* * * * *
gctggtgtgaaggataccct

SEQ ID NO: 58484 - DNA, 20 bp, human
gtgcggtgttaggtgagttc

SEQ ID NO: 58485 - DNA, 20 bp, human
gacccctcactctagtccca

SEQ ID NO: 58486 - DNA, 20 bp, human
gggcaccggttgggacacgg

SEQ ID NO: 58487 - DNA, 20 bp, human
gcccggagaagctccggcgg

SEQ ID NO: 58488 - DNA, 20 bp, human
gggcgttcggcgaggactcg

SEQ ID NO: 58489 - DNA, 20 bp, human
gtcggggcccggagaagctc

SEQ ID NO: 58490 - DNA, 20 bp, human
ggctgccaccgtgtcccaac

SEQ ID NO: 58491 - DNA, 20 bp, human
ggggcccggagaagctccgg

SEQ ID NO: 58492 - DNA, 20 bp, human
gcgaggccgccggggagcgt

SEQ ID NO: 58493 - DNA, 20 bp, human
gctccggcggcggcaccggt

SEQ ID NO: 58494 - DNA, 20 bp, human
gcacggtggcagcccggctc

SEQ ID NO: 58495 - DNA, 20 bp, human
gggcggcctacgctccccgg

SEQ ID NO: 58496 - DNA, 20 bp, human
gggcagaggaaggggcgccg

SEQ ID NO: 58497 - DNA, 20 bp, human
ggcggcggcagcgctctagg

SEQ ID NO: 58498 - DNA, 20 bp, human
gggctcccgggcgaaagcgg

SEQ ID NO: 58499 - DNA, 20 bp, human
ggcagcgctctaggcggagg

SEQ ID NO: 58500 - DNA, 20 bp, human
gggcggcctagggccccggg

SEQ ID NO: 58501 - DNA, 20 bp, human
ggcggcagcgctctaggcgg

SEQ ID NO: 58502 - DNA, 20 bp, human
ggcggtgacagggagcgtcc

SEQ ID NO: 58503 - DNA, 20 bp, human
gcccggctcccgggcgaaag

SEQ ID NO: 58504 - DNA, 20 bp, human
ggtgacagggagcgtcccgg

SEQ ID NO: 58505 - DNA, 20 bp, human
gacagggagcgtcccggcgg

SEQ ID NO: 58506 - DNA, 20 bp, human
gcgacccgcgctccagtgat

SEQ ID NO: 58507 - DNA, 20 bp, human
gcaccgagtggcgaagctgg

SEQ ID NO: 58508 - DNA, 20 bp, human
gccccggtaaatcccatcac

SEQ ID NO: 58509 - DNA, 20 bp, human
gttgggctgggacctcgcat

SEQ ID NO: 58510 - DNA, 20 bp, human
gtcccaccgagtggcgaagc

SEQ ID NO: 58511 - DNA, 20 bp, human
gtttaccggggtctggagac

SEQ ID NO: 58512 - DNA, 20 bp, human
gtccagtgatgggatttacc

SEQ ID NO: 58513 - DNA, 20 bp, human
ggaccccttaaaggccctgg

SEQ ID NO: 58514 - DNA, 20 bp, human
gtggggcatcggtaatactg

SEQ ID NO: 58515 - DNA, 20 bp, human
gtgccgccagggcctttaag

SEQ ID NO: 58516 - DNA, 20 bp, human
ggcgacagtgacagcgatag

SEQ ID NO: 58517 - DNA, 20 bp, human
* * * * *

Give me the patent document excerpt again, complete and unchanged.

gctggtgtgaaggataccct

SEQ ID NO: 58484 - DNA, 20 bp, human
gtgcggtgttaggtgagttc

SEQ ID NO: 58485 - DNA, 20 bp, human
gacccctcactctagtccca

SEQ ID NO: 58486 - DNA, 20 bp, human
gggcaccggttgggacacgg

SEQ ID NO: 58487 - DNA, 20 bp, human
gcccggagaagctccggcgg

SEQ ID NO: 58488 - DNA, 20 bp, human
gggcgttcggcgaggactcg

SEQ ID NO: 58489 - DNA, 20 bp, human
gtcggggcccggagaagctc

SEQ ID NO: 58490 - DNA, 20 bp, human
ggctgccaccgtgtcccaac

SEQ ID NO: 58491 - DNA, 20 bp, human
ggggcccggagaagctccgg

SEQ ID NO: 58492 - DNA, 20 bp, human
gcgaggccgccggggagcgt

SEQ ID NO: 58493 - DNA, 20 bp, human
gctccggcggcggcaccggt

SEQ ID NO: 58494 - DNA, 20 bp, human
gcacggtggcagcccggctc

SEQ ID NO: 58495 - DNA, 20 bp, human
gggcggcctacgctccccgg

SEQ ID NO: 58496 - DNA, 20 bp, human
gggcagaggaaggggcgccg

SEQ ID NO: 58497 - DNA, 20 bp, human
ggcggcggcagcgctctagg

SEQ ID NO: 58498 - DNA, 20 bp, human
gggctcccgggcgaaagcgg

SEQ ID NO: 58499 - DNA, 20 bp, human
ggcagcgctctaggcggagg

SEQ ID NO: 58500 - DNA, 20 bp, human
gggcggcctagggccccggg

SEQ ID NO: 58501 - DNA, 20 bp, human
ggcggcagcgctctaggcgg

SEQ ID NO: 58502 - DNA, 20 bp, human
ggcggtgacagggagcgtcc

SEQ ID NO: 58503 - DNA, 20 bp, human
gcccggctcccgggcgaaag

SEQ ID NO: 58504 - DNA, 20 bp, human
ggtgacagggagcgtcccgg

SEQ ID NO: 58505 - DNA, 20 bp, human
gacagggagcgtcccggcgg

SEQ ID NO: 58506 - DNA, 20 bp, human
gcgacccgcgctccagtgat

SEQ ID NO: 58507 - DNA, 20 bp, human
gcaccgagtggcgaagctgg

SEQ ID NO: 58508 - DNA, 20 bp, human
gccccggtaaatcccatcac

SEQ ID NO: 58509 - DNA, 20 bp, human
gttgggctgggacctcgcat

SEQ ID NO: 58510 - DNA, 20 bp, human
gtcccaccgagtggcgaagc

SEQ ID NO: 58511 - DNA, 20 bp, human
gtttaccggggtctggagac

SEQ ID NO: 58512 - DNA, 20 bp, human
gtccagtgatgggatttacc

SEQ ID NO: 58513 - DNA, 20 bp, human
ggaccccttaaaggccctgg

SEQ ID NO: 58514 - DNA, 20 bp, human
gtggggcatcggtaatactg

SEQ ID NO: 58515 - DNA, 20 bp, human
gtgccgccagggcctttaag

SEQ ID NO: 58516 - DNA, 20 bp, human
ggcgacagtgacagcgatag

SEQ ID NO: 58517 - DNA, 20 bp, human